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It's the twenty-first century, and although we tried to rear unisex children-boys who play with dolls and girls who like trucks-we failed. Even though the glass ceiling is cracked, most women stay comfortably beneath it. And everywhere we hear about vitally important hardwired differences between male and female brains. The neuroscience that we read about in magazines, newspaper articles, books, and sometimes even scientific journals increasingly tells a tale of two brains, and the result is more often than not a validation of the status quo. Women, it seems, are just too intuitive for math; men too focused for housework. Drawing on the latest research in neuroscience and psychology, Cordelia Fine debunks the myth of hardwired differences between menrs"s and womenrs"s brains, unraveling the evidence behind such claims as menrs"s brains arenrs"t wired for empathy and womenrs"s brains arenrs"t made to fix cars. She then goes one step further, offering a very different explanation of the dissimilarities between menrs"s and womenrs"s behavior. Instead of a "male brain" and a "female brain," Fine gives us a glimpse of plastic, mutable minds that are continuously influenced by cultural assumptions about gender. Passionately argued and unfailingly astute, Delusions of Gender provides us with a much-needed corrective to the belief that menrs"s and womenrs"s brains are intrinsically different-a belief that, as Fine shows with insight and humor, all too often works to the detriment of ourselves and our society.
Cordella Fine is a senior research associate at the Centre for Agency, Values and Ethics at Macquarie University and an Honorary Research Fellow at the University of Melbourne's Department of Psychology. She lives in Melbourne, Australia.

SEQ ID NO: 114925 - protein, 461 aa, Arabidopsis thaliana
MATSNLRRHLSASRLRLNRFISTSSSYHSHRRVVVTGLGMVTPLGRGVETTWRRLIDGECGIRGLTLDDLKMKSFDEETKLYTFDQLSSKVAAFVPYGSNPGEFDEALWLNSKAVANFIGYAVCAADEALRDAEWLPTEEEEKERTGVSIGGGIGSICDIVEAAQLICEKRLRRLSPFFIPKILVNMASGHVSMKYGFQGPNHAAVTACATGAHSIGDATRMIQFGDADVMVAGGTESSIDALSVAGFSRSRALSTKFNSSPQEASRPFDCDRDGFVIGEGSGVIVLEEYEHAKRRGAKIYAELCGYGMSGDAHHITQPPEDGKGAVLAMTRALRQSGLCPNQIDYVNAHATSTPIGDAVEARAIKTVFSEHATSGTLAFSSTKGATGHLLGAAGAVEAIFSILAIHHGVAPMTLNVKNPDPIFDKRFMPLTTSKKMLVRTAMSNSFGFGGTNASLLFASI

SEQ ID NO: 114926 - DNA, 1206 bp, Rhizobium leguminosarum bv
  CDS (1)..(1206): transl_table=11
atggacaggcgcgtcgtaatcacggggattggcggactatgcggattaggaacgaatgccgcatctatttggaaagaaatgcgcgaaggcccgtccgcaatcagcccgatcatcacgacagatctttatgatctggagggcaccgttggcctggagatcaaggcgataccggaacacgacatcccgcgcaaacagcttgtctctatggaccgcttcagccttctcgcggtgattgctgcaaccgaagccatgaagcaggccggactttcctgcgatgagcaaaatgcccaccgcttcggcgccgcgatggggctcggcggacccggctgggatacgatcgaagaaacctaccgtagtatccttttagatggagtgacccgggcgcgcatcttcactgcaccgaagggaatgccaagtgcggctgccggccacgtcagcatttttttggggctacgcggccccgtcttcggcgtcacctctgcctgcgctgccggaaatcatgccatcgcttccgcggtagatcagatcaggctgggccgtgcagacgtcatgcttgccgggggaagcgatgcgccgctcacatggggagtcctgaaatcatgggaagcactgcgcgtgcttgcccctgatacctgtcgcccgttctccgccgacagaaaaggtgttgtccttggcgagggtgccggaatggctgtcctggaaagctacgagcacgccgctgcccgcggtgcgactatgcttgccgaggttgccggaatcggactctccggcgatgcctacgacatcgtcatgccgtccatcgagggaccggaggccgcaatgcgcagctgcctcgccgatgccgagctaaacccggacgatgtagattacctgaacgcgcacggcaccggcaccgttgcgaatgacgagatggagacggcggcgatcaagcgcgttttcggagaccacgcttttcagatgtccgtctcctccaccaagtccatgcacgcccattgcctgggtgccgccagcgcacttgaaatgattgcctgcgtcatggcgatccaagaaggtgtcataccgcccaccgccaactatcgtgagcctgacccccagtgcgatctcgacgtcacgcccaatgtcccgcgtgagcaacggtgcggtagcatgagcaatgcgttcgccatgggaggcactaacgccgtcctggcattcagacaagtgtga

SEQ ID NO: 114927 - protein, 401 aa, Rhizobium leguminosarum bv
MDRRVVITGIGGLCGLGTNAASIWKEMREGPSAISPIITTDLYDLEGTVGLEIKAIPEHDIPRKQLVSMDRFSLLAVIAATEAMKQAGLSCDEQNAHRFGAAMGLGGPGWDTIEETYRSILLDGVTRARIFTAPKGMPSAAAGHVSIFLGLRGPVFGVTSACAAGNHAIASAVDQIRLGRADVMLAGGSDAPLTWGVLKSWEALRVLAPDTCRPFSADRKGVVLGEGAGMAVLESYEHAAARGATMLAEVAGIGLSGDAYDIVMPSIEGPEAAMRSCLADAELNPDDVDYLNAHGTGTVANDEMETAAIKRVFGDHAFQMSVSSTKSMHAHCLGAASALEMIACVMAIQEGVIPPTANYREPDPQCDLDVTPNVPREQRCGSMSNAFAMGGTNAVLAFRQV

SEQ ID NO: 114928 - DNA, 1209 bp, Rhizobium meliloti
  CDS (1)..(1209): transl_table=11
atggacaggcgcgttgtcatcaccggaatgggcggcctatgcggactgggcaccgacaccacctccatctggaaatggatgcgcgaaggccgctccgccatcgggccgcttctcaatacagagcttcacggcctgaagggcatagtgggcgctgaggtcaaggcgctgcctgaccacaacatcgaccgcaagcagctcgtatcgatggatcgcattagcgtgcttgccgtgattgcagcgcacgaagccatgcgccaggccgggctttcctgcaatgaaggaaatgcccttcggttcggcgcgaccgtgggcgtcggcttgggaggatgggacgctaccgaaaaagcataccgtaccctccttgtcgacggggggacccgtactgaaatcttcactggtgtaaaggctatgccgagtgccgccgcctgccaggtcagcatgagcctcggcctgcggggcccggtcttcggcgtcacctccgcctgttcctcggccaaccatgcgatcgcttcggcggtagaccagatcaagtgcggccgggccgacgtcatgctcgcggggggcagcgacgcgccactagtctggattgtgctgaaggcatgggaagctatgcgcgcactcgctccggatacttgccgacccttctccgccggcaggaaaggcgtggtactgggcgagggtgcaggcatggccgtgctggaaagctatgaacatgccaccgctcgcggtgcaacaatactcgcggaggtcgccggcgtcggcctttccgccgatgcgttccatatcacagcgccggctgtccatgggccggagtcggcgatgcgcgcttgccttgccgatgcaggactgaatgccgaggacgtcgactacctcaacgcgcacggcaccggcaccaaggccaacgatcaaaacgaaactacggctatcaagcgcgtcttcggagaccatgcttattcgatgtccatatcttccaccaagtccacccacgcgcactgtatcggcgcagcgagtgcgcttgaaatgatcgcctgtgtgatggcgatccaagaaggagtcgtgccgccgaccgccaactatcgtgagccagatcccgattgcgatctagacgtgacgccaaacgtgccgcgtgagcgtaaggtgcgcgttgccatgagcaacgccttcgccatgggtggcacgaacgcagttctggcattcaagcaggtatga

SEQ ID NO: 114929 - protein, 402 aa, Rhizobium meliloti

Table of Contents
|"Half-Changed World," Half-Changed Minds|
|We Think, Therefore You Are||p. 3|
|Why You Should Cover Your Head with a Paper Bag if You Have a Secret You Don't Want Your Wife to Find Out||p. 14|
|"Backwards and in High Heels"||p. 27|
|I Don't Belong Here||p. 40|
|The Glass Workplace||p. 54|
|XX-clusion and xxx-clusion||p. 67|
|Gender Equality Begins (or Ends) at Home||p. 78|
|Gender Equality 2.0?||p. 90|
|The "Fetal Fork"||p. 99|
|In "the Darkness of the Womb" (and the First Few Hours in the Light)||p. 107|
|The Brain of a Boy in the Body of a Girl ... or a Monkey?||p. 118|
|Sex and Premature Speculation||p. 131|
|What Does It All Mean, Anyway?||p. 141|
|Brain Scams||p. 155|
|The "Seductive Allure" of Neuroscience||p. 168|
|Unraveling Hardwiring||p. 176|
|Preconceptions and Postconceptions||p. 189|
|Parenting with a Half-Changed Mind||p. 197|
|"Gender Detectives"||p. 207|
|Gender Education||p. 214|
|The Self-Socializing Child||p. 226|
|Epilogue: And S-t-r-e-t-c-h!||p. 233|
|Author's Note||p. 243|
|Table of Contents provided by Ingram. All Rights Reserved.|